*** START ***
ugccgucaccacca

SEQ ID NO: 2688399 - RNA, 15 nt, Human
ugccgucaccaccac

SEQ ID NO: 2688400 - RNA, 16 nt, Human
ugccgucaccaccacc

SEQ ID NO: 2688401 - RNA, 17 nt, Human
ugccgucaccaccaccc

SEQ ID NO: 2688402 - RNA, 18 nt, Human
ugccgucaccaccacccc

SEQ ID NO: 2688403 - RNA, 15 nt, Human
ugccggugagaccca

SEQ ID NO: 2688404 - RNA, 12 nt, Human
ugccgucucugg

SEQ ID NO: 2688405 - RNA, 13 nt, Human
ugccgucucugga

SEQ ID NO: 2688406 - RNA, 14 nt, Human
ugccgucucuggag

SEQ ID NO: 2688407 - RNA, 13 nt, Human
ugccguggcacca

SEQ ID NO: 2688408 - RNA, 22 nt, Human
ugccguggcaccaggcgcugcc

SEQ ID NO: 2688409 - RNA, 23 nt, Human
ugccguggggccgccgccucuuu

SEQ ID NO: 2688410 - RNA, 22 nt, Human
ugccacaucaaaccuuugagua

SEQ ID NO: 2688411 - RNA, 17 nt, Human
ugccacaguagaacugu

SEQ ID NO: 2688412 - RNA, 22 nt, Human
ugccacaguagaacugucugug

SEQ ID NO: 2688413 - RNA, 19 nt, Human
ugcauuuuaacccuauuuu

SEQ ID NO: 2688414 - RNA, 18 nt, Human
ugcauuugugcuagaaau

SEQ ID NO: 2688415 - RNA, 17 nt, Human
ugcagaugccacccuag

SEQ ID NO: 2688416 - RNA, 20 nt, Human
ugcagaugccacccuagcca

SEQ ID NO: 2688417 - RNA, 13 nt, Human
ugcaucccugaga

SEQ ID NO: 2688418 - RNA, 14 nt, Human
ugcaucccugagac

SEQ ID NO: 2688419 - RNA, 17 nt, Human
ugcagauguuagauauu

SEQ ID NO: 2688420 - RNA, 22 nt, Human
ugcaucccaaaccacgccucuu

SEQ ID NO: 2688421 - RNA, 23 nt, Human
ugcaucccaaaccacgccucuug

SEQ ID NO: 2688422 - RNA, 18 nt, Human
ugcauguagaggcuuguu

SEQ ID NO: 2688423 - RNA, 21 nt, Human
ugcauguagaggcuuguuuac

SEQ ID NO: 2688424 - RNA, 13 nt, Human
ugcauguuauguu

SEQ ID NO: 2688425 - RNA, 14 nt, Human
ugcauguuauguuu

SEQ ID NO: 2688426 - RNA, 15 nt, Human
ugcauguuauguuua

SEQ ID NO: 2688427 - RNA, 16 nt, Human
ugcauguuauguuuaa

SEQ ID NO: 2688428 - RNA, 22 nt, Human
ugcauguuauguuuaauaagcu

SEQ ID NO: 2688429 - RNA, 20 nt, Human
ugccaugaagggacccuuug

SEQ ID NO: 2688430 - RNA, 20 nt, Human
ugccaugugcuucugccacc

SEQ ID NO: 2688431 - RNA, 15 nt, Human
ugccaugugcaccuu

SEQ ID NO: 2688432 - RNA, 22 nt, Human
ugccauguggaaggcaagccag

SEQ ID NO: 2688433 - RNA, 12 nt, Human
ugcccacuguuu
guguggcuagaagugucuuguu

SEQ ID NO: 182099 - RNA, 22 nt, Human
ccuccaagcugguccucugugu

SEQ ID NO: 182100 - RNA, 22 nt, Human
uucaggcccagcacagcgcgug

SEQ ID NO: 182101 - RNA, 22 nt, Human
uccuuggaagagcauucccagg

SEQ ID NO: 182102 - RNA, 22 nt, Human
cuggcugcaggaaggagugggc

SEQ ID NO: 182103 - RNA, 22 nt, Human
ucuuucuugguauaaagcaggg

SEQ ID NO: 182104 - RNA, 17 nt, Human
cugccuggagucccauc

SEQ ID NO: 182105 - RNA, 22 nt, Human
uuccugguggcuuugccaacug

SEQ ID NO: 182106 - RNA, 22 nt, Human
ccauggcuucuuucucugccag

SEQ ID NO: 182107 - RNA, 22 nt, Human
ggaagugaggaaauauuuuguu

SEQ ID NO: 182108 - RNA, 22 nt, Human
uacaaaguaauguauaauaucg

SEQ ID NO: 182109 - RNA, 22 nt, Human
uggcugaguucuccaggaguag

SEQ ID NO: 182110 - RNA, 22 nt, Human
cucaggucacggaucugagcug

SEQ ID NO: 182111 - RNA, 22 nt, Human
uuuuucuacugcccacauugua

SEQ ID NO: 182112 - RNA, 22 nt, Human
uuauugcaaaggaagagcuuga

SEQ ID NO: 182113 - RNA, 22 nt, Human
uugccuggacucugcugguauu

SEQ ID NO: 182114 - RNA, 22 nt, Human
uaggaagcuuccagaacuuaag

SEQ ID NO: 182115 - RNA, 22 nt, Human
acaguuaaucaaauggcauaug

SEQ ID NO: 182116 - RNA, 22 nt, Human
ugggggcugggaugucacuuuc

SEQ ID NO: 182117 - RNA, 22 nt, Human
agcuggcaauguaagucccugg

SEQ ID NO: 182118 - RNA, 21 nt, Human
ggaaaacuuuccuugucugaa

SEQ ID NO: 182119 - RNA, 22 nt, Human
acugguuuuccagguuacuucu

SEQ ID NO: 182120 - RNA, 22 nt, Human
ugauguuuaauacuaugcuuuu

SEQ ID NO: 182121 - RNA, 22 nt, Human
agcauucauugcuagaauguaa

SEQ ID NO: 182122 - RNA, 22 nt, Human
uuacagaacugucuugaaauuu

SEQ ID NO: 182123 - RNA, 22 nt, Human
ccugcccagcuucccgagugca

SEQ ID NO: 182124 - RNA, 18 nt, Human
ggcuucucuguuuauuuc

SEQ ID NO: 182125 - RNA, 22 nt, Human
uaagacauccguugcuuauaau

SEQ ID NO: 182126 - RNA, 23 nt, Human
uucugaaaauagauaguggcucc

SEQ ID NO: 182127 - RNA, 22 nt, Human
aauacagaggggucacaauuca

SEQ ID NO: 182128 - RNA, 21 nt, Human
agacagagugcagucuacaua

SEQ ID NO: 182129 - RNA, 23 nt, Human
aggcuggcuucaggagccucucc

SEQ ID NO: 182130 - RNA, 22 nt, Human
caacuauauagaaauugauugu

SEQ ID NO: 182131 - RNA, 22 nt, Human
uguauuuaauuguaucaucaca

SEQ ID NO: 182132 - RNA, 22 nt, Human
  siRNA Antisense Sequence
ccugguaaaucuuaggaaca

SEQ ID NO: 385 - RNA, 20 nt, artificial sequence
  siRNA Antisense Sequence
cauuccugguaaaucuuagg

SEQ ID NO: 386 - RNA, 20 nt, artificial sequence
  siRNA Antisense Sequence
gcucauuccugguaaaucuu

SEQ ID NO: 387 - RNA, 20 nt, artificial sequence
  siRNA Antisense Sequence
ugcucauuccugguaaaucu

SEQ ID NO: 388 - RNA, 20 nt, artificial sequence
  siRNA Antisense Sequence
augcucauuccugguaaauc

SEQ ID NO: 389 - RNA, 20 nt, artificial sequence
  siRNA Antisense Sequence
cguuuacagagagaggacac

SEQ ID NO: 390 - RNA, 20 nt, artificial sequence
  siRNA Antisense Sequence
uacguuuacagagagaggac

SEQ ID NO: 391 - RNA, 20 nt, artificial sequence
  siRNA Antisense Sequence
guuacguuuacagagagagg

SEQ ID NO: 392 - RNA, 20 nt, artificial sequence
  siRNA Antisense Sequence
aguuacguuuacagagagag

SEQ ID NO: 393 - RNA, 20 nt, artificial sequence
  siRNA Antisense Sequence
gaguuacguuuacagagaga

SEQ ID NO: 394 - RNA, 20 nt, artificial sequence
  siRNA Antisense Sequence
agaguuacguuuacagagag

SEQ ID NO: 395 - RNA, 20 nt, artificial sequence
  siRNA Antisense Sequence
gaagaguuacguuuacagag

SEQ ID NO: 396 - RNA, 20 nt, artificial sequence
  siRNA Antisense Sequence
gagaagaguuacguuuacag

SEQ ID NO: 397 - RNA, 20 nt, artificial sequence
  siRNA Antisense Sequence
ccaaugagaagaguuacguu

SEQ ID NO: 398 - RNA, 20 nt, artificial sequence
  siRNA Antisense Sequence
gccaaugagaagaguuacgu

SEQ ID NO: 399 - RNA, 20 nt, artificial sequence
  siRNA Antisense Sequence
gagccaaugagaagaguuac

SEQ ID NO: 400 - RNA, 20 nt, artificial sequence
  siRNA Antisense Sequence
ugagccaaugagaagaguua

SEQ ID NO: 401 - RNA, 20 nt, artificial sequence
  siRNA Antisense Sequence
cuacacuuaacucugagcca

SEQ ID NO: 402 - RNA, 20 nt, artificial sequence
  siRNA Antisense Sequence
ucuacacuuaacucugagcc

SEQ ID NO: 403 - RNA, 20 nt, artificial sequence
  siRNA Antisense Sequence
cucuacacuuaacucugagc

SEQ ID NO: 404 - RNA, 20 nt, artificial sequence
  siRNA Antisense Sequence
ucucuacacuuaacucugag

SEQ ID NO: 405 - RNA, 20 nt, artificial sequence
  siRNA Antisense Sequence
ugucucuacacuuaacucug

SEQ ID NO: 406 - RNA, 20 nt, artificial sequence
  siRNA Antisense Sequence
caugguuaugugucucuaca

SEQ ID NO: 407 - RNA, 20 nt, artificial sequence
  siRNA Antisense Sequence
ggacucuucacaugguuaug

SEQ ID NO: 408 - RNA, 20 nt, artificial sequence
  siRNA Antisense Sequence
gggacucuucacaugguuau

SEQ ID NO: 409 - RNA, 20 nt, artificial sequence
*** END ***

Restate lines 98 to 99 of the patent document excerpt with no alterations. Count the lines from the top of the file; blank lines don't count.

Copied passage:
uuuuucuacugcccacauugua

SEQ ID NO: 182112 - RNA, 22 nt, Human